CES 2011 A senior telecommunications counsel to the House Energy and Commerce committee has blasted the Federal Communications Commission for laying down official net neutrality rules, comparing the FCC to Orwell's Ministry of Truth.
Neil Fried – a Republican adviser to ranking members of the Energy and Commerce committee, the driving force on technology issues in the US House of Representatives – pulled out the 1984 metaphors during a panel discussion on Thursday at the Consumer Electronic Show in Las Vegas. "What struck me as I was reading it was it felt very much like I was in George Orwell's 1984, complete with doublethink and newspeak," Fried said of the FCC's order.
"It's the whole 'freedom is slavery' idea, right? To protect the internet, to keep the internet free, the government's gotta take over. Big Brother is gonna decide."
Just two weeks old, the FCC's order has quickly divided stakeholders into pro and con camps. At the Thursday CES session, those two opposing viewpoints were expressed in the most part in cordial and logical arguments. And then there was Fried.
AT&T's SVP for external and legislative affairs Jim Cicconi expressed reservations about the order – although he did praise the FCC for their "regulatory humilty" in not going too far. When asked for a yes-or-no answer as to whether he supported the order, however, he hedged. "We're comfortable with the order" he said.
Tom Tauke, Verizon EVP for public affairs, policy, and communication, was more succinct in his reply to the same question. "No," he said.
When asked if Verizon would sue over the legality of the order, Tauke also hedged. "I have a few rules by which I operate, one of which is when my boss gives a keynote speech in the morning, I try not to make news later in the day," he said.
But Tauke did leave the legal door wide open. "We are studying the order carefully to determine what course of action to take when the time comes, but I'm not in a position at this junction to say at this time what we may or may not do in a legal perpective relating to the order."
Such gentlemanly verbal petit fours were not on the menu of Neil Fried. He served up red meat. Fried – a former FCC attorney – came equipped with a prop: a copy of the FCC's order. Waving it, he asked the attendees: "How many people have read this thing?" Few hands were raised, so Fried seized the opportunity to explain what was in the document.
Cue Big Brother metaphor.
Speaking for his compatriots in the fight against the order, he continued: "The fear is, we don't want anyone to decide – right? – who has permission to innovate. Instead, we're going to go to the government to get the permission to innovate. Because ultimately, everybody – whether you're an edge provider or a broadband provider – is going to need to know: 'Is what I want to do reasonable?'"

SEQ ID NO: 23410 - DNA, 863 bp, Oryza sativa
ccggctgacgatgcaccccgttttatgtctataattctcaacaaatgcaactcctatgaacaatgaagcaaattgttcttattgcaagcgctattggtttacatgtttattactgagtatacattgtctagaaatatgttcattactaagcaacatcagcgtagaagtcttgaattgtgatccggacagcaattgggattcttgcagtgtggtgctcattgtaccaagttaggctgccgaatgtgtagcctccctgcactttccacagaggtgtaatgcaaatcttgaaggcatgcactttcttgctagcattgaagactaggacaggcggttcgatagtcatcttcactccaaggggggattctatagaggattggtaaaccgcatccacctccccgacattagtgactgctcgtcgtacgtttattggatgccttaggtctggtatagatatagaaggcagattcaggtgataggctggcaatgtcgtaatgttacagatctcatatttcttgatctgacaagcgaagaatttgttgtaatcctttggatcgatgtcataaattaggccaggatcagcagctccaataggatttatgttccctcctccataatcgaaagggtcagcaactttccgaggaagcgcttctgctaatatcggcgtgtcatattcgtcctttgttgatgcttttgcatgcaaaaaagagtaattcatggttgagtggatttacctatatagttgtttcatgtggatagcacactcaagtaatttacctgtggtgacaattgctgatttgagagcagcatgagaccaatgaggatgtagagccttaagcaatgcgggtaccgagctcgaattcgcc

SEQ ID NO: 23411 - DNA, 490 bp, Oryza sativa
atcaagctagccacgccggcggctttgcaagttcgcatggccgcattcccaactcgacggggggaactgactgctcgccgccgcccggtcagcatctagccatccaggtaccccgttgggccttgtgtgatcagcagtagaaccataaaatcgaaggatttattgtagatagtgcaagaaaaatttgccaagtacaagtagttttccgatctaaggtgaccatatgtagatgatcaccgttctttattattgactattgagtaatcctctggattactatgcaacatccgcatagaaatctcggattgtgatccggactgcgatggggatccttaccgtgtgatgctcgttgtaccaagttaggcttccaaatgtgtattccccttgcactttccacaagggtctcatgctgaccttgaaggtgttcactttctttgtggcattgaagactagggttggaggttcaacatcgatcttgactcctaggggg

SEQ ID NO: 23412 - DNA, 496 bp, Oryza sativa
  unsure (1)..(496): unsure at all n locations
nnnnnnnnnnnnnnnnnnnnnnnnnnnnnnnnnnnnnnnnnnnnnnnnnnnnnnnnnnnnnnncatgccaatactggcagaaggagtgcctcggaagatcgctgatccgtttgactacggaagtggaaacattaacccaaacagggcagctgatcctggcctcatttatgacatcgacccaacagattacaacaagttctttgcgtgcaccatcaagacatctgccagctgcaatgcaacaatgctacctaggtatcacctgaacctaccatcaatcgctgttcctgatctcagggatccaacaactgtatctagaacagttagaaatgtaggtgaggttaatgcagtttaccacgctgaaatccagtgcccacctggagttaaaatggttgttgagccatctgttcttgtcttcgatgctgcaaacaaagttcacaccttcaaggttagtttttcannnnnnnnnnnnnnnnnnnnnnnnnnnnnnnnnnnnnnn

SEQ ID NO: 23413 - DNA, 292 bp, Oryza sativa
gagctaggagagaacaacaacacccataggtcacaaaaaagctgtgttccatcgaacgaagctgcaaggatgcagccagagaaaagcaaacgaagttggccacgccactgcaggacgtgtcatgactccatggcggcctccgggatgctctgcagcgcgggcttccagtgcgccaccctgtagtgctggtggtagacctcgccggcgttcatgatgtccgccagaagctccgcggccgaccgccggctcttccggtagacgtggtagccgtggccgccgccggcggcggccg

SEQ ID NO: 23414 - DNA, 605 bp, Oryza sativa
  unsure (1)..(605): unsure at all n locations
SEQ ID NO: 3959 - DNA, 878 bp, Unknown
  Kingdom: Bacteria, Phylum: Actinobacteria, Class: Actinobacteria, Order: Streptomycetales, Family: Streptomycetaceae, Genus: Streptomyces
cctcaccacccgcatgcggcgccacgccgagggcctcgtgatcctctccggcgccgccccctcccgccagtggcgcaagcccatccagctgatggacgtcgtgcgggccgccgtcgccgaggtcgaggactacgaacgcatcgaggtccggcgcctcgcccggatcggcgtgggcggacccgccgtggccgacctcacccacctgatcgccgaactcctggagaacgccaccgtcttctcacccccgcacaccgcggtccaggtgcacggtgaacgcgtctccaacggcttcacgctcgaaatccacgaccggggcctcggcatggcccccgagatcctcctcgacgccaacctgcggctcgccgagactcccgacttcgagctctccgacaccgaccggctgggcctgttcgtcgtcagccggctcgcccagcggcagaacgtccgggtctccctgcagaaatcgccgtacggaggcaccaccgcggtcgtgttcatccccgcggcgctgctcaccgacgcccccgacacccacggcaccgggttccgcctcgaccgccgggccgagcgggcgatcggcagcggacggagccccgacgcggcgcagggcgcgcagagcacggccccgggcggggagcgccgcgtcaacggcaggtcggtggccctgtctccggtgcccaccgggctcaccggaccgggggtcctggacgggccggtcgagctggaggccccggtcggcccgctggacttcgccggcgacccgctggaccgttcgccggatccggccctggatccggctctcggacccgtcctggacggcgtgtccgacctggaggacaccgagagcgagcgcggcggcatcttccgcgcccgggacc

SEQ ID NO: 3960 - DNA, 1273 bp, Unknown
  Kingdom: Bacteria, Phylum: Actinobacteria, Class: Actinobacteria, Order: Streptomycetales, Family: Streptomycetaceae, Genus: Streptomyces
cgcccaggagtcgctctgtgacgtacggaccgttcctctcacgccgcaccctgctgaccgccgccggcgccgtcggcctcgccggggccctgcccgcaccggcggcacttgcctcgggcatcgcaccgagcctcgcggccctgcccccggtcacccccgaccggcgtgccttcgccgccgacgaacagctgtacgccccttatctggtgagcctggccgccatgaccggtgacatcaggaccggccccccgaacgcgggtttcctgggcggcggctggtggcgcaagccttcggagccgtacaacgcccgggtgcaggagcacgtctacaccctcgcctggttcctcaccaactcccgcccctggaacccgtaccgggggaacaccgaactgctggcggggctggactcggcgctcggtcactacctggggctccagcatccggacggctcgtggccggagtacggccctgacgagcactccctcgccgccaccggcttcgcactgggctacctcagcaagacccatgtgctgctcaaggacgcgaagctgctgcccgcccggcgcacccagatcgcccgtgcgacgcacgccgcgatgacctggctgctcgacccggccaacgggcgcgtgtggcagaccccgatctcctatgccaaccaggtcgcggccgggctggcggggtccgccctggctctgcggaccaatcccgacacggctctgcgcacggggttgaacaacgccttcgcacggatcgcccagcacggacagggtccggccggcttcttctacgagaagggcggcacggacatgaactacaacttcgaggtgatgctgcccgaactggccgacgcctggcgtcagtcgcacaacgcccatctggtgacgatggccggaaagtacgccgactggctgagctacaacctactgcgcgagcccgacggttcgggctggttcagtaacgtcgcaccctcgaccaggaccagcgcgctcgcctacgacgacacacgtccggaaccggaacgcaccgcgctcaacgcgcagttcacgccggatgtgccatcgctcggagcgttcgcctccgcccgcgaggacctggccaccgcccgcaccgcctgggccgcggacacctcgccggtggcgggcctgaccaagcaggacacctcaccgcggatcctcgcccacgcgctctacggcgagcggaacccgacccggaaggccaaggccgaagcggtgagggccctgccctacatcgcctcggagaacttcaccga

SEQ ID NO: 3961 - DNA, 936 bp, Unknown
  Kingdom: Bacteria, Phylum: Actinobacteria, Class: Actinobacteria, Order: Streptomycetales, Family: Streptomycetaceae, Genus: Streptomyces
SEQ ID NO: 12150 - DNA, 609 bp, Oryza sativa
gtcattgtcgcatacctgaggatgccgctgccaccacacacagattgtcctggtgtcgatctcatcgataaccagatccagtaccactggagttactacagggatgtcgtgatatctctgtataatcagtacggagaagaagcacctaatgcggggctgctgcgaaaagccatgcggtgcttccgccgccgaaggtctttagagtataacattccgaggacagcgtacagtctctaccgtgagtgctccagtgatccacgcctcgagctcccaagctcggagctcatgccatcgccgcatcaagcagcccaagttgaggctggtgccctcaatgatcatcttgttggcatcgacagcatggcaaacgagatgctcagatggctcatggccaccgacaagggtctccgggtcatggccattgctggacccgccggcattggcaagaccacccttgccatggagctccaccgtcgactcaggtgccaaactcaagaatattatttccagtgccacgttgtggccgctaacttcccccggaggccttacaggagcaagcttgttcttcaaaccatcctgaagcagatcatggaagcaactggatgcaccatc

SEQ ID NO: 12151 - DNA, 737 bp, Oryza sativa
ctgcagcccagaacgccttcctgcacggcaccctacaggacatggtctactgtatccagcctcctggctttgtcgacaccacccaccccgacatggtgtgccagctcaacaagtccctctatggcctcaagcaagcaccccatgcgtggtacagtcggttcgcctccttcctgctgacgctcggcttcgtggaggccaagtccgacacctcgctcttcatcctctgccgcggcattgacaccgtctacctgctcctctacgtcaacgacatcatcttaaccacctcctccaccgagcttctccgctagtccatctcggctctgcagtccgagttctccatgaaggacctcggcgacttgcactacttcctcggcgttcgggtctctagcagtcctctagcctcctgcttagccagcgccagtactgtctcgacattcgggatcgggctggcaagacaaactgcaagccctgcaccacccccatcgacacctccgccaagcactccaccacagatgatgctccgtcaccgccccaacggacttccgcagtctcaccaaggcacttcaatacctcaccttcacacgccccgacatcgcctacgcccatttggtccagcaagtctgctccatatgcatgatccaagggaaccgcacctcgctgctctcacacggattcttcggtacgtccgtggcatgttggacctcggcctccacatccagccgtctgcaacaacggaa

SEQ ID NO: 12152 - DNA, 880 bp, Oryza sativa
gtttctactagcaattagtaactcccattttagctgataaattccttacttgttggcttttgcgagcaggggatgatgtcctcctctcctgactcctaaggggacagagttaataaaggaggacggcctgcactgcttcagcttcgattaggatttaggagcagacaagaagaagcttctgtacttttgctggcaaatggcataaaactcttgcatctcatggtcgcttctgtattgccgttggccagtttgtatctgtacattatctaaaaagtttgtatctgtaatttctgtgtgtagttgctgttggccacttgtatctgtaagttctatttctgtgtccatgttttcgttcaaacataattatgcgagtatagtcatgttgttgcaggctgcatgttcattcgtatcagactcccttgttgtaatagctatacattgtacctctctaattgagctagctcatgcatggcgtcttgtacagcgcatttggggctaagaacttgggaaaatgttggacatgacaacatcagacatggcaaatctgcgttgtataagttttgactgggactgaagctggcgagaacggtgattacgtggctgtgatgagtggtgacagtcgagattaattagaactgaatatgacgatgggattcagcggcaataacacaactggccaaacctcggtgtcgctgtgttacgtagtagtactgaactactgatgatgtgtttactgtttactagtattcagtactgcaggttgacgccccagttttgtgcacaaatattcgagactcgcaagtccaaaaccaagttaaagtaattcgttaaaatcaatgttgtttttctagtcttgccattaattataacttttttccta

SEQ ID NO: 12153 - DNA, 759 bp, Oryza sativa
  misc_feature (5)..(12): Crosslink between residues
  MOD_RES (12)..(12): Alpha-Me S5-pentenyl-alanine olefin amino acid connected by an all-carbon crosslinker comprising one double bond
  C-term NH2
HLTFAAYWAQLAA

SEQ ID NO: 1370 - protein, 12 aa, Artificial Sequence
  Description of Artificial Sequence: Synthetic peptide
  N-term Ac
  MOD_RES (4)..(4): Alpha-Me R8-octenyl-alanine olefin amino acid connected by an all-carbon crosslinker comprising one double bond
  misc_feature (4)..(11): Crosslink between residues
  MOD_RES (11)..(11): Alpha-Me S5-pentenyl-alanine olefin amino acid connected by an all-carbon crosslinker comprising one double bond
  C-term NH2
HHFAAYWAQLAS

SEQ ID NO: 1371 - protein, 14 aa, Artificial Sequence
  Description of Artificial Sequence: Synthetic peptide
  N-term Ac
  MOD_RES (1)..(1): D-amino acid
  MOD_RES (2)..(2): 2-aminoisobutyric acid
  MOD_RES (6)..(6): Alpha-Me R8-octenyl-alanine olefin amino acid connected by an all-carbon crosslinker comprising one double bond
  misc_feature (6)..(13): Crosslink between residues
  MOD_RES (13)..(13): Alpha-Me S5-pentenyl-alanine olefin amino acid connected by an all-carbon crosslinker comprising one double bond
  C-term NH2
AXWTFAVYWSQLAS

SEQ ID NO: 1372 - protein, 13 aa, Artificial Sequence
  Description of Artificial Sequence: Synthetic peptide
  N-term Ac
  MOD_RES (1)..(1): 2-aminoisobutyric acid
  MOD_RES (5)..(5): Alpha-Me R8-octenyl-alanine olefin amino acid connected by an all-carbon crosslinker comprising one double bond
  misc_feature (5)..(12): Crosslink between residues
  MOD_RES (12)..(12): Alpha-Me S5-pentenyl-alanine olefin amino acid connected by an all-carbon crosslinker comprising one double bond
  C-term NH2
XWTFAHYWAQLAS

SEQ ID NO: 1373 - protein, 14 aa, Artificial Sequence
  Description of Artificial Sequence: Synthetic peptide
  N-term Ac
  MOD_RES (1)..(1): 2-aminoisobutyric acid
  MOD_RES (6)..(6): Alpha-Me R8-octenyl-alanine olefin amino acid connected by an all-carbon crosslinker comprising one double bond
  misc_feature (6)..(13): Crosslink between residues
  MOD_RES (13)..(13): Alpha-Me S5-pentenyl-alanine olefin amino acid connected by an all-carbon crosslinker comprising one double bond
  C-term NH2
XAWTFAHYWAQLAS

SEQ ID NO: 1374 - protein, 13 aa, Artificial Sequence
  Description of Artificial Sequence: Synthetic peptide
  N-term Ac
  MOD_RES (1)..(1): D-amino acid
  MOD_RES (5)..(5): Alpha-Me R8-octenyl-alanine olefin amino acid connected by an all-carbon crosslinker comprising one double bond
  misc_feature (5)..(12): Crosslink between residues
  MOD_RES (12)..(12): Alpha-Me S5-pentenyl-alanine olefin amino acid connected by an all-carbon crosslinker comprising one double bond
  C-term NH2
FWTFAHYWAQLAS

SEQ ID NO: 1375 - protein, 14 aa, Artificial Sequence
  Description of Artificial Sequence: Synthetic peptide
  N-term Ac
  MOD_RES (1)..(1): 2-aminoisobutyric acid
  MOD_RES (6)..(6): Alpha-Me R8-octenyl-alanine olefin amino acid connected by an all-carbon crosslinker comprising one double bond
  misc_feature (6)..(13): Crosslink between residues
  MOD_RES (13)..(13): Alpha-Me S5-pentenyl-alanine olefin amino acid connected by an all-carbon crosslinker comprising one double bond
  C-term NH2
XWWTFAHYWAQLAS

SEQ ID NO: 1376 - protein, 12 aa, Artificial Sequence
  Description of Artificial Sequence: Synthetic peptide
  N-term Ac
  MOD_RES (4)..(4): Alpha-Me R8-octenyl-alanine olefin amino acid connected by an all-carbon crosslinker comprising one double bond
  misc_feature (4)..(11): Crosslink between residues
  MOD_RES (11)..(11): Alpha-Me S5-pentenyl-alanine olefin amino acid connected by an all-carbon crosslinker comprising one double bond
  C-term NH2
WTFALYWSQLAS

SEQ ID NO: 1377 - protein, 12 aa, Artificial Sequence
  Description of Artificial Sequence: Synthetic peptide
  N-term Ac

Then back to Orwell: "And you're going to have to go to the Ministry of Truth" – a reference to the FCC – "to decide what's reasonable. It's very troubling."
Roger Sherman, Democratic chief counsel for communications and technology policy to the House Committee on Energy and Commerce, took exception to the tone of Fried's remarks. "I think we're in for an extended period – maybe three of four months – of theater on this issue," he said.
"I took a class on George Orwell and 1984," he said. "I don't read [the order] that way. I don't see a Ministry of Truth. Some of the arguments you're hearing from Republicans about this is 'regulating the internet.' We think it's just the opposite: it's protecting the internet. It's said it's a threat to free speech. Again we think it's just the opposite. That it kills investment and jobs? No proof whatsoever that it does that."
Backing away from 1984, Fried explained the House Republicans' strategy for 2011. "I think you can count on, early in the year, one of the first telecom issues, one of the first technology issues, will be net neutrality. There'll be a series of hearings on everything from the substance to the authority and the process."
He then revealed specifics of the Republicans' plans. "Legislatively there's something called the Congressional Review Act, and the Congressional Review Act allows Congress to nullify any agncy decision with a simple majority in both chambers, and it's fillibuster-proof."
Fried also thinks that there's a better-than-even chance that such a joint resolution voiding the FCC order would pass. "Remember," he said, "we're going to have probably easily a majority [of votes] in the House, and very close to a majority of people opposed to this in the Senate. We only need, maybe, four or five Democrats to follow the Republicans, who are together on this."